Daiane Drawanz Hartwig

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Leptospirosis, caused by bacteria of the genus Leptospira, is a direct zoonosis with wide geographical distribution. The implications in terms of public health and the economical losses caused by leptospirosis justify the use of a vaccine against Leptospira in human or animal populations at risk. In this study, we used the external membrane protein LipL32(More)
The bacillus Calmette--Guerin (BCG), a live attenuated Mycobacterium bovis strain is considered a promising candidate as a vector system for delivery of foreign antigens to the immune system. The gene coding for the Leptospira interrogans external membrane protein LipL32, a highly immunogenic antigen found in all pathogenic leptospira, was cloned into(More)
To the Editor: Pathogenic leptospires, the causative agents of leptospirosis, exhibit wide phenotypic and genotypic variations. They are currently classifi ed into 17 species and >200 serovars (1,2). Most reported cases of leptospirosis in Brazil are of urban origin and caused by Leptospira interrogans (3). Brazil underwent a dramatic demographic(More)
Leptospirosis is an important neglected infectious disease that occurs in urban environments, as well as in rural regions worldwide. Rodents, the principal reservoir hosts of pathogenic Leptospira spp., and other infected animals shed the bacteria in their urine. During occupational or even recreational activities, humans that come into direct contact with(More)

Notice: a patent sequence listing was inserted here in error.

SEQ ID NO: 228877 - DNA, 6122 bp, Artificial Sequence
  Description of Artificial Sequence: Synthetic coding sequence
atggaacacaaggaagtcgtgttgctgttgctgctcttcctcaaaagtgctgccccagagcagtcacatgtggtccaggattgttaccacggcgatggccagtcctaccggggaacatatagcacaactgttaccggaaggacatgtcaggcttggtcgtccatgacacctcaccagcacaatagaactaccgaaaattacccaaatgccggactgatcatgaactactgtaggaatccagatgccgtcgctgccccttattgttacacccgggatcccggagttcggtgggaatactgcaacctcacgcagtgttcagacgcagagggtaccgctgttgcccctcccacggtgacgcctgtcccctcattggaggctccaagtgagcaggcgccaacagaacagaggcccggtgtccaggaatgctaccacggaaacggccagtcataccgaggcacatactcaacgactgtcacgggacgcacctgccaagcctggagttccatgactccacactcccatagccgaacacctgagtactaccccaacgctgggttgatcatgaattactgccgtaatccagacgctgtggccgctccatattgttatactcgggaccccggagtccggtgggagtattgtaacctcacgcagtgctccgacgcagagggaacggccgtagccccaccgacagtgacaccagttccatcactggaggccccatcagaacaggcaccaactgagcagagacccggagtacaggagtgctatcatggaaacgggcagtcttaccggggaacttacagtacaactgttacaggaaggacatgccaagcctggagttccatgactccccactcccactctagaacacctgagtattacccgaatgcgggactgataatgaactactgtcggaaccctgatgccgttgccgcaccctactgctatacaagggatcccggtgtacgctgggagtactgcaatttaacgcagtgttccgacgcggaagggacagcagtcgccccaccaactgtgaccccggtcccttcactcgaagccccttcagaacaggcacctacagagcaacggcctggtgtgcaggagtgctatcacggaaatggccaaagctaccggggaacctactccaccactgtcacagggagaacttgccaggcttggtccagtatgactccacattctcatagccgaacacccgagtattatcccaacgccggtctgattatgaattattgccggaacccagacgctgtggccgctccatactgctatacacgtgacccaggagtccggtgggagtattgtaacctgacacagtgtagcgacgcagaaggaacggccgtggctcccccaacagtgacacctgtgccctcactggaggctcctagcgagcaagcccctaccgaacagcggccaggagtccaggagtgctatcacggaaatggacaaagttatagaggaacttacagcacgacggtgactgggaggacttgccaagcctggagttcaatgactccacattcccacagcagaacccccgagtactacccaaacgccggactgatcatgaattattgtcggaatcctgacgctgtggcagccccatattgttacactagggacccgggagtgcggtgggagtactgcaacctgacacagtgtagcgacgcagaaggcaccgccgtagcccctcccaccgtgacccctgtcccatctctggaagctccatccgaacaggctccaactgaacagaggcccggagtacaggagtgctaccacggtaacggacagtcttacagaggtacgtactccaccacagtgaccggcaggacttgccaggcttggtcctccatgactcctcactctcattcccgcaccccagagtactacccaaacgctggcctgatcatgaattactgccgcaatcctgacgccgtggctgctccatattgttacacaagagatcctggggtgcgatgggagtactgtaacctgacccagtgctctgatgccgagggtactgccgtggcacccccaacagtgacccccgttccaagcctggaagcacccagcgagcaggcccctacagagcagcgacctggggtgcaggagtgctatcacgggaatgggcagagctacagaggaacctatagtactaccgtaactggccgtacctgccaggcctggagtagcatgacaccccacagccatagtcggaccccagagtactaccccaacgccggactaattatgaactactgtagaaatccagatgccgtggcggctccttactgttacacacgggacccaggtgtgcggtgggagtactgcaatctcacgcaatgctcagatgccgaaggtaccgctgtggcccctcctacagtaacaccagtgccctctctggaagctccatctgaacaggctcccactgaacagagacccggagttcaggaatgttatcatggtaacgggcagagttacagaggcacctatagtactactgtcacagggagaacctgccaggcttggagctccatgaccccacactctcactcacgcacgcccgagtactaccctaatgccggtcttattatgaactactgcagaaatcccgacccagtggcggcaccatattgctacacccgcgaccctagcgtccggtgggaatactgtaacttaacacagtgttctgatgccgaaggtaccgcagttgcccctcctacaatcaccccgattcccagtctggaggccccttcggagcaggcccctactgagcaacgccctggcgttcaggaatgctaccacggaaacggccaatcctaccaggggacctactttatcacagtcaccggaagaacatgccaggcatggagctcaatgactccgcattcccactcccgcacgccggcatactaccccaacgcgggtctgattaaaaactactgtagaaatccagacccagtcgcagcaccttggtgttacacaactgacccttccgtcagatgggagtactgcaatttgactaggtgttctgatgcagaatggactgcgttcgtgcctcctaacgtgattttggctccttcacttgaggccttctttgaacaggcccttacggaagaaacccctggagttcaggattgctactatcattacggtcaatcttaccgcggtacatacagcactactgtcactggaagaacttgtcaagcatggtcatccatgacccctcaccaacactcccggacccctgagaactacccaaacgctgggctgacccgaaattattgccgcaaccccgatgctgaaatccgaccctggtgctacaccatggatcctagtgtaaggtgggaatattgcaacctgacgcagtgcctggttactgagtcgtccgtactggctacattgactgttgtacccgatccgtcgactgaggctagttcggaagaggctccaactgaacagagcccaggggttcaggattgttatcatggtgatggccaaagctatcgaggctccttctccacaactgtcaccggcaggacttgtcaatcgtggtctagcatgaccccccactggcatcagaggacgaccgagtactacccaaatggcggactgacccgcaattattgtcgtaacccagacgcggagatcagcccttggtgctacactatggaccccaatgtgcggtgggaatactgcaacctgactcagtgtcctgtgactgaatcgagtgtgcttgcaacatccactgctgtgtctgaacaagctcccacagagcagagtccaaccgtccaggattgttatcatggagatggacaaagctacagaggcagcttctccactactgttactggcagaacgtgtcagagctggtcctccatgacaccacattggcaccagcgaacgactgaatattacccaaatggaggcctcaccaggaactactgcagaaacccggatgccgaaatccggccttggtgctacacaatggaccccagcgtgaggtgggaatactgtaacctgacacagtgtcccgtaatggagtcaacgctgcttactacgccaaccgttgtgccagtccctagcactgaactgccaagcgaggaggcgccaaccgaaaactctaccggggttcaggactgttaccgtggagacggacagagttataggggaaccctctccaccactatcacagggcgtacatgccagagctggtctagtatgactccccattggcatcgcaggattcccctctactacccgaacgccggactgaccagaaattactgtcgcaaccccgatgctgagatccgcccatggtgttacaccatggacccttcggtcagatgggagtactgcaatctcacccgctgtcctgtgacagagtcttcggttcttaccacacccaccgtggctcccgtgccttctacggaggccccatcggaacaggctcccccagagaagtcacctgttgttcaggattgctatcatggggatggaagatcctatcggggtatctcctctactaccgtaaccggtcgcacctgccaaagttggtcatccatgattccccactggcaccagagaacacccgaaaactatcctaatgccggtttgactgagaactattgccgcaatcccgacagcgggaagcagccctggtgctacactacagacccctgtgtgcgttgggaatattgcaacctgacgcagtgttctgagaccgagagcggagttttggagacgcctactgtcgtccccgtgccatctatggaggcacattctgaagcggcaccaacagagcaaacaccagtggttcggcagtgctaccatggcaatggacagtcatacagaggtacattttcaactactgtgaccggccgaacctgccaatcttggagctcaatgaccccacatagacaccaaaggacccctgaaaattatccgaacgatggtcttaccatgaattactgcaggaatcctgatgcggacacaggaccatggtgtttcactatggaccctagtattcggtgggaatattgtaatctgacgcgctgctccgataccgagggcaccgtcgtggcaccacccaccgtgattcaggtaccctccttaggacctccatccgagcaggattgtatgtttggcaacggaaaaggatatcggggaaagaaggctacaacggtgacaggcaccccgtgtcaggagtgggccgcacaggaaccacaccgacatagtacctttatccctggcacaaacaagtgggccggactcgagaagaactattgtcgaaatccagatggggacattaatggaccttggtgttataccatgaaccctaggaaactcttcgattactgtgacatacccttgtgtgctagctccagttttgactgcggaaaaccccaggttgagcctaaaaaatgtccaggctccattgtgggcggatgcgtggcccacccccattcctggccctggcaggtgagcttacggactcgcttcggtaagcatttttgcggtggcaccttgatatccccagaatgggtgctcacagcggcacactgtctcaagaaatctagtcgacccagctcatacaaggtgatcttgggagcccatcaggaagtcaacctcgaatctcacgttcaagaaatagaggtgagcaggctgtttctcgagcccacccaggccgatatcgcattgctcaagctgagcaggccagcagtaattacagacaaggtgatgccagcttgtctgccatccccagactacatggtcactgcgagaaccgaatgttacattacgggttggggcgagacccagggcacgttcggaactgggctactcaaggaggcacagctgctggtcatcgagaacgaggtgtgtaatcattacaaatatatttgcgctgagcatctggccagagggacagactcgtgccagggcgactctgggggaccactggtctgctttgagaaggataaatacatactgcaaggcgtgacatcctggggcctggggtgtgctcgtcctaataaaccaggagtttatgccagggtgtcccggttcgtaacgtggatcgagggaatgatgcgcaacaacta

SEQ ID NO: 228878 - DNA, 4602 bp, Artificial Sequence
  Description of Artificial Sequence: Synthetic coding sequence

BACKGROUND Leptospirosis, a zoonosis caused by Leptospira spp., is recognized as an emergent infectious disease. Due to the lack of adequate diagnostic tools, vaccines are an attractive intervention strategy. Recombinant proteins produced in Escherichia coli have demonstrated promising results, albeit with variable efficacy. Pichia pastoris is an(More)
Leptospirosis is a globally prevalent zoonosis caused by pathogenic Leptospira spp.; several serologic variants have reservoirs in synanthropic rodents. The capybara is the largest living rodent in the world, and it has a wide geographical distribution in Central and South America. This rodent is a significant source of Leptospira since the agent is shed(More)
Leptospirosis is the most widespread zoonosis in the world. Current vaccines are based on whole-cell preparations that cause severe side effects and do not induce satisfactory immunity. In light of the leptospiral genome sequences recently made available, several studies aimed at identification of protective recombinant immunogens have been performed;(More)
Toward developing an effective vaccine capable of conferring heterologous protection, the putative lipoprotein LemA, which presents an M3 epitope similar to that of Listeria, was evaluated as a vaccine candidate in the hamster model of leptospirosis. LemA is conserved (>70% pairwise identity) among the pathogenic Leptospira spp., indicating its potential in(More)
Leptospiral immunoglobulin-like (Lig) proteins are of great interest due to their ability to act as mediators of pathogenesis, serodiagnostic antigens, and immunogens. Purified recombinant LigA protein is the most promising subunit vaccine candidate against leptospirosis reported to date, however, as purified proteins are weak immunogens the use of a potent(More)
Pathogenic Leptospira spp. are the etiological agents of leptospirosis, an important disease of both humans and animals. In urban settings, L. interrogans serovars are the predominant cause of disease in humans. The purpose of this study was to characterize a novel Leptospira isolate recovered from an abandoned swimming pool. Molecular characterization(More)